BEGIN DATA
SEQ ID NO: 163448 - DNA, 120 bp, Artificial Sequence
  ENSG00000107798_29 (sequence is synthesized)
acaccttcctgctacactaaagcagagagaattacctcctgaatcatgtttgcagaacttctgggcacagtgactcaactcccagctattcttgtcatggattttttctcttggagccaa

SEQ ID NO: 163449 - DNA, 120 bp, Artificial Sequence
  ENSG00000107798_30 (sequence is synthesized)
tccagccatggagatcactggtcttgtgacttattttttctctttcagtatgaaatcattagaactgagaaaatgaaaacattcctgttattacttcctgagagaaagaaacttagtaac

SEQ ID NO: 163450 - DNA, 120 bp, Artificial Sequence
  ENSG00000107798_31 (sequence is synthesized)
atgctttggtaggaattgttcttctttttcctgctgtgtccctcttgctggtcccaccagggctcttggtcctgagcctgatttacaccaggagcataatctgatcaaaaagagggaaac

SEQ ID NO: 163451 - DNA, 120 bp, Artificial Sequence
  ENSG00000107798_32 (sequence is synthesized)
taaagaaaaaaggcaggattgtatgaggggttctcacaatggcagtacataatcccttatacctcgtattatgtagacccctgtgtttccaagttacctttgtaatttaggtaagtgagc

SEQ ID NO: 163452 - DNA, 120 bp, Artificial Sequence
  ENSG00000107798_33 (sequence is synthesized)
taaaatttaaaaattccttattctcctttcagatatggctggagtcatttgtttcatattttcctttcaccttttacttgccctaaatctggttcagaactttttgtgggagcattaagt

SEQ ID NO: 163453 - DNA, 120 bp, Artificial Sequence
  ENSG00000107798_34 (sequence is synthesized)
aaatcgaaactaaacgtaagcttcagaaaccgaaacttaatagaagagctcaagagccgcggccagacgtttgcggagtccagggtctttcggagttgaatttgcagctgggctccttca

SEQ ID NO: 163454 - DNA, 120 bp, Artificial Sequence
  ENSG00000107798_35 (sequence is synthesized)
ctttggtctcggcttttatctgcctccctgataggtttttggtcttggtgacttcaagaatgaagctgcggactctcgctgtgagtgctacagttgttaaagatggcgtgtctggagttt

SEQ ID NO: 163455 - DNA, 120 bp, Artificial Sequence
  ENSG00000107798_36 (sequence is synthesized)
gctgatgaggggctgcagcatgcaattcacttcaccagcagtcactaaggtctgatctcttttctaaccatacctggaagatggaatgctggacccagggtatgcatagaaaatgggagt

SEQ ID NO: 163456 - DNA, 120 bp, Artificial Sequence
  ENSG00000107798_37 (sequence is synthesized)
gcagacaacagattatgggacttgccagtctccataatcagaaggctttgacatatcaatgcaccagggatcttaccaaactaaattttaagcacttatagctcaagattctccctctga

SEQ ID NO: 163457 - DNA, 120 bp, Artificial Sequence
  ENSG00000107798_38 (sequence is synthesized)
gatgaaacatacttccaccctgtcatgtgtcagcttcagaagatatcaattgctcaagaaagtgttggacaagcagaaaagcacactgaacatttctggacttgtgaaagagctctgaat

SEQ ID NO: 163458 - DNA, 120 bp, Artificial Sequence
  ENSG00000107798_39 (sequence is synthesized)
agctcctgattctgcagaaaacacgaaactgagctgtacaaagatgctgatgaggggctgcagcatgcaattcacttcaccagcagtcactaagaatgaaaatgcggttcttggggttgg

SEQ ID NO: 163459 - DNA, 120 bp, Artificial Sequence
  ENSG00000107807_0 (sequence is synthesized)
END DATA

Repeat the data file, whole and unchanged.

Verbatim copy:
SEQ ID NO: 163448 - DNA, 120 bp, Artificial Sequence
  ENSG00000107798_29 (sequence is synthesized)
acaccttcctgctacactaaagcagagagaattacctcctgaatcatgtttgcagaacttctgggcacagtgactcaactcccagctattcttgtcatggattttttctcttggagccaa

SEQ ID NO: 163449 - DNA, 120 bp, Artificial Sequence
  ENSG00000107798_30 (sequence is synthesized)
tccagccatggagatcactggtcttgtgacttattttttctctttcagtatgaaatcattagaactgagaaaatgaaaacattcctgttattacttcctgagagaaagaaacttagtaac

SEQ ID NO: 163450 - DNA, 120 bp, Artificial Sequence
  ENSG00000107798_31 (sequence is synthesized)
atgctttggtaggaattgttcttctttttcctgctgtgtccctcttgctggtcccaccagggctcttggtcctgagcctgatttacaccaggagcataatctgatcaaaaagagggaaac

SEQ ID NO: 163451 - DNA, 120 bp, Artificial Sequence
  ENSG00000107798_32 (sequence is synthesized)
taaagaaaaaaggcaggattgtatgaggggttctcacaatggcagtacataatcccttatacctcgtattatgtagacccctgtgtttccaagttacctttgtaatttaggtaagtgagc

SEQ ID NO: 163452 - DNA, 120 bp, Artificial Sequence
  ENSG00000107798_33 (sequence is synthesized)
taaaatttaaaaattccttattctcctttcagatatggctggagtcatttgtttcatattttcctttcaccttttacttgccctaaatctggttcagaactttttgtgggagcattaagt

SEQ ID NO: 163453 - DNA, 120 bp, Artificial Sequence
  ENSG00000107798_34 (sequence is synthesized)
aaatcgaaactaaacgtaagcttcagaaaccgaaacttaatagaagagctcaagagccgcggccagacgtttgcggagtccagggtctttcggagttgaatttgcagctgggctccttca

SEQ ID NO: 163454 - DNA, 120 bp, Artificial Sequence
  ENSG00000107798_35 (sequence is synthesized)
ctttggtctcggcttttatctgcctccctgataggtttttggtcttggtgacttcaagaatgaagctgcggactctcgctgtgagtgctacagttgttaaagatggcgtgtctggagttt

SEQ ID NO: 163455 - DNA, 120 bp, Artificial Sequence
  ENSG00000107798_36 (sequence is synthesized)
gctgatgaggggctgcagcatgcaattcacttcaccagcagtcactaaggtctgatctcttttctaaccatacctggaagatggaatgctggacccagggtatgcatagaaaatgggagt

SEQ ID NO: 163456 - DNA, 120 bp, Artificial Sequence
  ENSG00000107798_37 (sequence is synthesized)
gcagacaacagattatgggacttgccagtctccataatcagaaggctttgacatatcaatgcaccagggatcttaccaaactaaattttaagcacttatagctcaagattctccctctga

SEQ ID NO: 163457 - DNA, 120 bp, Artificial Sequence
  ENSG00000107798_38 (sequence is synthesized)
gatgaaacatacttccaccctgtcatgtgtcagcttcagaagatatcaattgctcaagaaagtgttggacaagcagaaaagcacactgaacatttctggacttgtgaaagagctctgaat

SEQ ID NO: 163458 - DNA, 120 bp, Artificial Sequence
  ENSG00000107798_39 (sequence is synthesized)
agctcctgattctgcagaaaacacgaaactgagctgtacaaagatgctgatgaggggctgcagcatgcaattcacttcaccagcagtcactaagaatgaaaatgcggttcttggggttgg

SEQ ID NO: 163459 - DNA, 120 bp, Artificial Sequence
  ENSG00000107807_0 (sequence is synthesized)